Goal-setting for personal and professional post-PhD journeys

I would hazard a guess that goal setting is probably the bread and butter of coaching both for myself and other coaches – after all, the key reason why people reach out and decide to engage in coaching is to make positive changes in their lives and reach personal goals. There are a number of coaching techniques designed to help people achieve their goals, with the GROW model being probably the most widespread one, where you go through the process of identifying your Goal, looking at your current Reality and distance from that goal, and then move on to examining their Options (or Obstacles, depending on which version of the model you work with) that they could embrace to make the goal reality and then finally W stands for “the Way Forward”, where the coachee converts the options into reality and then on the basis of that takes actions. Oh, and the goals should ideally be SMART – specific, measurable, attainable, relevant and time-bound, so a good PhD-related goal could be finishing the literature review chapter by the end of term and ideally breaking that down into smaller, measurable chunks that will make it easier to track progress towards that goal. And then all that remains is for the coachee to report back to the coach at the next session on what wonderful progress they are making.

Except real life is much, much messier. This is not to say I don’t believe in adopting a structured, well-planned approach to areas such as academic productivity and writing, far from it, given my day job as project manager I will happily break things into smaller chunks, monitor my progress and keep myself on track when it comes to institutional and personal projects. Except that’s me and as I’m finding out, not everyone comes equipped with Inner Project Manager 1.0 as standard and not everyone responds very well to the rather mechanistic and prescriptive nature of the GROW model. In addition, SMART goals can actually be quite limiting and not so smart and every now and then I like to go back to the concept of BHAGs – Big, Hairy, Audacious Goals. See, I recently signed up to do a 24 hour race which will take place in December round an athletic track in Barcelona. I’ve done a number of running challenges, including running four marathons in four days but I’ve never run for more than ten hours in one day as part of my 100km race I completed last year. To tell the truth, I’ve really run on a track either, and now am staring at a training plan which some Sundays sees me completing a 20 mile run in the morning followed by a 12 mile run in the evening and the most scary bit is that on 17th and 18th December the plan just says RACE/RACE because I will start mid-day Saturday and finish mid-day Sunday. None of that feels terribly smart, realistic or attainable yet I am excited enough to be getting up at five am for long mid-week runs and for my yoga classes to make sure my body is in one piece by the time the race arrives and that it continues to function after the race is over.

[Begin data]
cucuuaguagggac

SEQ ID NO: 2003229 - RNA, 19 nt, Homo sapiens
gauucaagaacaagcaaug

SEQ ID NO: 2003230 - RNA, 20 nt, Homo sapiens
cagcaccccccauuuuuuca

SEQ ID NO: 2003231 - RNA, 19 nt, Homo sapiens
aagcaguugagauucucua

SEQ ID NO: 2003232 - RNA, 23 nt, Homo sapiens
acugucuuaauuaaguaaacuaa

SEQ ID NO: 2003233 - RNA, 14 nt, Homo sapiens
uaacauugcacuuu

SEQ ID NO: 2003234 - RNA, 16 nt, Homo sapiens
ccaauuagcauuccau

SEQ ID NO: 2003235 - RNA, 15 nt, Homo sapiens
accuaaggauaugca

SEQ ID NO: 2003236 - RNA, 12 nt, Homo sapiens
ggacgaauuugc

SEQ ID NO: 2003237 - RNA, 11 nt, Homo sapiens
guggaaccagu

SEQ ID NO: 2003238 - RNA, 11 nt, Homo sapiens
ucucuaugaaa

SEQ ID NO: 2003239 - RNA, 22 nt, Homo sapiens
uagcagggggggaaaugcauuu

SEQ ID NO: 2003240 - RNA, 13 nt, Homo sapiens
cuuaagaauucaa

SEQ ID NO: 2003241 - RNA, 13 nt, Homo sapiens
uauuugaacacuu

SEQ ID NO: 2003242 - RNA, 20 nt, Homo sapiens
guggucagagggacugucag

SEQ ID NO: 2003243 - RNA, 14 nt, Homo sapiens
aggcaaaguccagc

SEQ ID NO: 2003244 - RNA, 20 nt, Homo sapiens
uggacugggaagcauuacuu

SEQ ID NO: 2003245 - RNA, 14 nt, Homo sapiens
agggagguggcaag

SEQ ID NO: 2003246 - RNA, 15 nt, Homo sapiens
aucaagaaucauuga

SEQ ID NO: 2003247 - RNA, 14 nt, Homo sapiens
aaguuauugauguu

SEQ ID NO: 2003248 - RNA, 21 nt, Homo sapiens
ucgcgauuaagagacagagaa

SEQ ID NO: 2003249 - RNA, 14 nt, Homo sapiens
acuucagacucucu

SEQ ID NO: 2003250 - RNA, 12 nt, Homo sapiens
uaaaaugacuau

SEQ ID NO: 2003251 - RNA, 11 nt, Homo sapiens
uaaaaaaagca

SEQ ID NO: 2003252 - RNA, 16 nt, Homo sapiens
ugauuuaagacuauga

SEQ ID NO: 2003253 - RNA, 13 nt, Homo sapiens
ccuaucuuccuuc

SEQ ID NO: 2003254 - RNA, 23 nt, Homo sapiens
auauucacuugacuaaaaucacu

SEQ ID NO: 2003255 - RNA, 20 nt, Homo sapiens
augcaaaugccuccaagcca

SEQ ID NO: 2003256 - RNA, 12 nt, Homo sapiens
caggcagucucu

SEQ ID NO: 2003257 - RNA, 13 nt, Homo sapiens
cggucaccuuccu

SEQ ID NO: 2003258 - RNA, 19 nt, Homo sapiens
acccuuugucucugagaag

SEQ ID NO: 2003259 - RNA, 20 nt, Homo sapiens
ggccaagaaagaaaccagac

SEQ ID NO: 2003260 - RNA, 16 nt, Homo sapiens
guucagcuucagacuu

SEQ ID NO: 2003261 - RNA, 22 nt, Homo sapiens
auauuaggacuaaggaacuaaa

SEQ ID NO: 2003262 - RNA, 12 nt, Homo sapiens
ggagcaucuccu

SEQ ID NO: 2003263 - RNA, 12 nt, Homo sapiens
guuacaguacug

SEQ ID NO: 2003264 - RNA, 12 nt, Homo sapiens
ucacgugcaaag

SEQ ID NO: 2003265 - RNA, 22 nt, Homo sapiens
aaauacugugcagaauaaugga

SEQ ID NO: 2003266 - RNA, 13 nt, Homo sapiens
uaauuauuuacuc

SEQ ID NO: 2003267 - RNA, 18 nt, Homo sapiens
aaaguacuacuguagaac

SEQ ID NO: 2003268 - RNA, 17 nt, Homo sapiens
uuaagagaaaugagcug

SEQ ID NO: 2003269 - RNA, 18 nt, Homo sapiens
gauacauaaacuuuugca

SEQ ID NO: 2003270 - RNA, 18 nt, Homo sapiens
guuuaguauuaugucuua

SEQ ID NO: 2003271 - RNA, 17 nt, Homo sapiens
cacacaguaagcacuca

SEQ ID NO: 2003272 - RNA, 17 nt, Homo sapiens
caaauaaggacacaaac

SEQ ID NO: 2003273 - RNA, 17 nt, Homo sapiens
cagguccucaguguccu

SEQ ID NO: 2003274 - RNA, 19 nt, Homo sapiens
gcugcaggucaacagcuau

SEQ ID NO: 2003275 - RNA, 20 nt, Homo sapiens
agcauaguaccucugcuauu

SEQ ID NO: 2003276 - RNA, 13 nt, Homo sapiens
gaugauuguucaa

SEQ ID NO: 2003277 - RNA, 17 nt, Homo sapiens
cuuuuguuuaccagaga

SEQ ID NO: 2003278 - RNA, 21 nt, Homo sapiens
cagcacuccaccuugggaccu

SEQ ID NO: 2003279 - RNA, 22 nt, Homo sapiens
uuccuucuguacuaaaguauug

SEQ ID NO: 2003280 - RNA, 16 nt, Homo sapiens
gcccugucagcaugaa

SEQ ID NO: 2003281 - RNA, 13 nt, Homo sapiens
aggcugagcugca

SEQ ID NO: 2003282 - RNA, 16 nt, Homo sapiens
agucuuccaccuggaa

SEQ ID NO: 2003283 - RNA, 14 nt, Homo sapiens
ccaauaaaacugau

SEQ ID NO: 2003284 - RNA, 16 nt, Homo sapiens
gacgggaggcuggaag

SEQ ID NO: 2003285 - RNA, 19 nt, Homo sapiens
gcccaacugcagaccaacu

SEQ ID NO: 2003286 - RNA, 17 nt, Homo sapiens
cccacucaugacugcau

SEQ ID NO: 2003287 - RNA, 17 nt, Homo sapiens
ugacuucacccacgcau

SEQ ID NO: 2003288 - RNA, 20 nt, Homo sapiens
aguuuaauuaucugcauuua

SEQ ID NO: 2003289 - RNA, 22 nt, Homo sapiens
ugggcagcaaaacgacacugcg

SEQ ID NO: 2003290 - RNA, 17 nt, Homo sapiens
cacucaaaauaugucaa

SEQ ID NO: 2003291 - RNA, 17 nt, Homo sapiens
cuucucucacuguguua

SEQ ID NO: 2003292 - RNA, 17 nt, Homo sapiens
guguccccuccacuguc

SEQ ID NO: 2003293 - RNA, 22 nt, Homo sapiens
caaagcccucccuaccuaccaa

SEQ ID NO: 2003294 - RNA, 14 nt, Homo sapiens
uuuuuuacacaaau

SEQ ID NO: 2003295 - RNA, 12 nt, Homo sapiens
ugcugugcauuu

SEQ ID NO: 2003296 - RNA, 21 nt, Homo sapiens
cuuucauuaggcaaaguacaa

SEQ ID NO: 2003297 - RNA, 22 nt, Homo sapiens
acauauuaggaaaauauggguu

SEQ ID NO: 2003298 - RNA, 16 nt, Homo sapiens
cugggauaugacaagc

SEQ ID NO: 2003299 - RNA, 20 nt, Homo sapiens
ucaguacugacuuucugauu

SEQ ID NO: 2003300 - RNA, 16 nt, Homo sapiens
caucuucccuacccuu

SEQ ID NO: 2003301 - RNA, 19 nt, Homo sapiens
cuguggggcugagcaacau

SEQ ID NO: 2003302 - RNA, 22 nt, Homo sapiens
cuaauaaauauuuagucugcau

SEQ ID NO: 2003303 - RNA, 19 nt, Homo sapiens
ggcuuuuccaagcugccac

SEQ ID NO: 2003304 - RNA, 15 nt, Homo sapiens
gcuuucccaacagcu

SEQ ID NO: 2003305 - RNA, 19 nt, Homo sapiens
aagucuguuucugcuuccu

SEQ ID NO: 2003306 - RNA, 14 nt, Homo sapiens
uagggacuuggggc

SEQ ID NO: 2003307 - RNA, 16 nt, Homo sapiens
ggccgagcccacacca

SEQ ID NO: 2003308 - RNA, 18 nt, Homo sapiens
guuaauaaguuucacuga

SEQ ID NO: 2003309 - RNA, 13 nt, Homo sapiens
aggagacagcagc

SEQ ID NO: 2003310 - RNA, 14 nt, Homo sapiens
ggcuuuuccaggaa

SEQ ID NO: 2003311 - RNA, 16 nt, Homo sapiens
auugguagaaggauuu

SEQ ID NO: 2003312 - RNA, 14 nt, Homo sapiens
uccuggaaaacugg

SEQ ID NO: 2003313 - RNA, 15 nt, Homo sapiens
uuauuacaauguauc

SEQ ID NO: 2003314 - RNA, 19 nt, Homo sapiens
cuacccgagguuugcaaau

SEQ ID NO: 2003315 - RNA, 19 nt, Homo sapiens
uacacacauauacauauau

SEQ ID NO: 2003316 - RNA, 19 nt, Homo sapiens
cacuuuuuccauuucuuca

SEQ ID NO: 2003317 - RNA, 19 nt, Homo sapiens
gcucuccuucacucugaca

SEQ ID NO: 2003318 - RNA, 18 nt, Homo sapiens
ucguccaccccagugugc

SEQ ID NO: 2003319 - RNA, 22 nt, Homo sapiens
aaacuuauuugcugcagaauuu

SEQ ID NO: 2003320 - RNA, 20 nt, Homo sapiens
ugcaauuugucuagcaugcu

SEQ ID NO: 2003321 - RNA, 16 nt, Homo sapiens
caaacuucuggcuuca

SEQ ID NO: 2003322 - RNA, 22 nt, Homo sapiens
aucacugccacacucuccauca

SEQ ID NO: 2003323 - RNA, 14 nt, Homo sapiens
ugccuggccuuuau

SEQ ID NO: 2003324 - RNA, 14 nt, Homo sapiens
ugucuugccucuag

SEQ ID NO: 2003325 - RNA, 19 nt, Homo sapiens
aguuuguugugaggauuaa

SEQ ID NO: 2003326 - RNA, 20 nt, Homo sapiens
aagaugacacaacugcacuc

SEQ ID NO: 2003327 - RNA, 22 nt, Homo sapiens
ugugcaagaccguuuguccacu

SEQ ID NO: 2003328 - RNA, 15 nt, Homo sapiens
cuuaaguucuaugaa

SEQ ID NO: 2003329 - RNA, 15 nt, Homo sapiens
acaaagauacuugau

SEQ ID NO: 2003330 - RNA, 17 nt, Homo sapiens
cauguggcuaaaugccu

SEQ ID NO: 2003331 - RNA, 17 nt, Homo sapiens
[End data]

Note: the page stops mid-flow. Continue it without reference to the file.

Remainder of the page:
What does any of that have to do with post-PhD career planning? I’ve been thinking and writing about confidence in post-PhD transitions recently and still don’t have a good answer but I am beginning to suspect that the key isn’t necessarily being confident, it’s about trusting yourself enough to follow through when an exciting goal grabs you and doesn’t let go.

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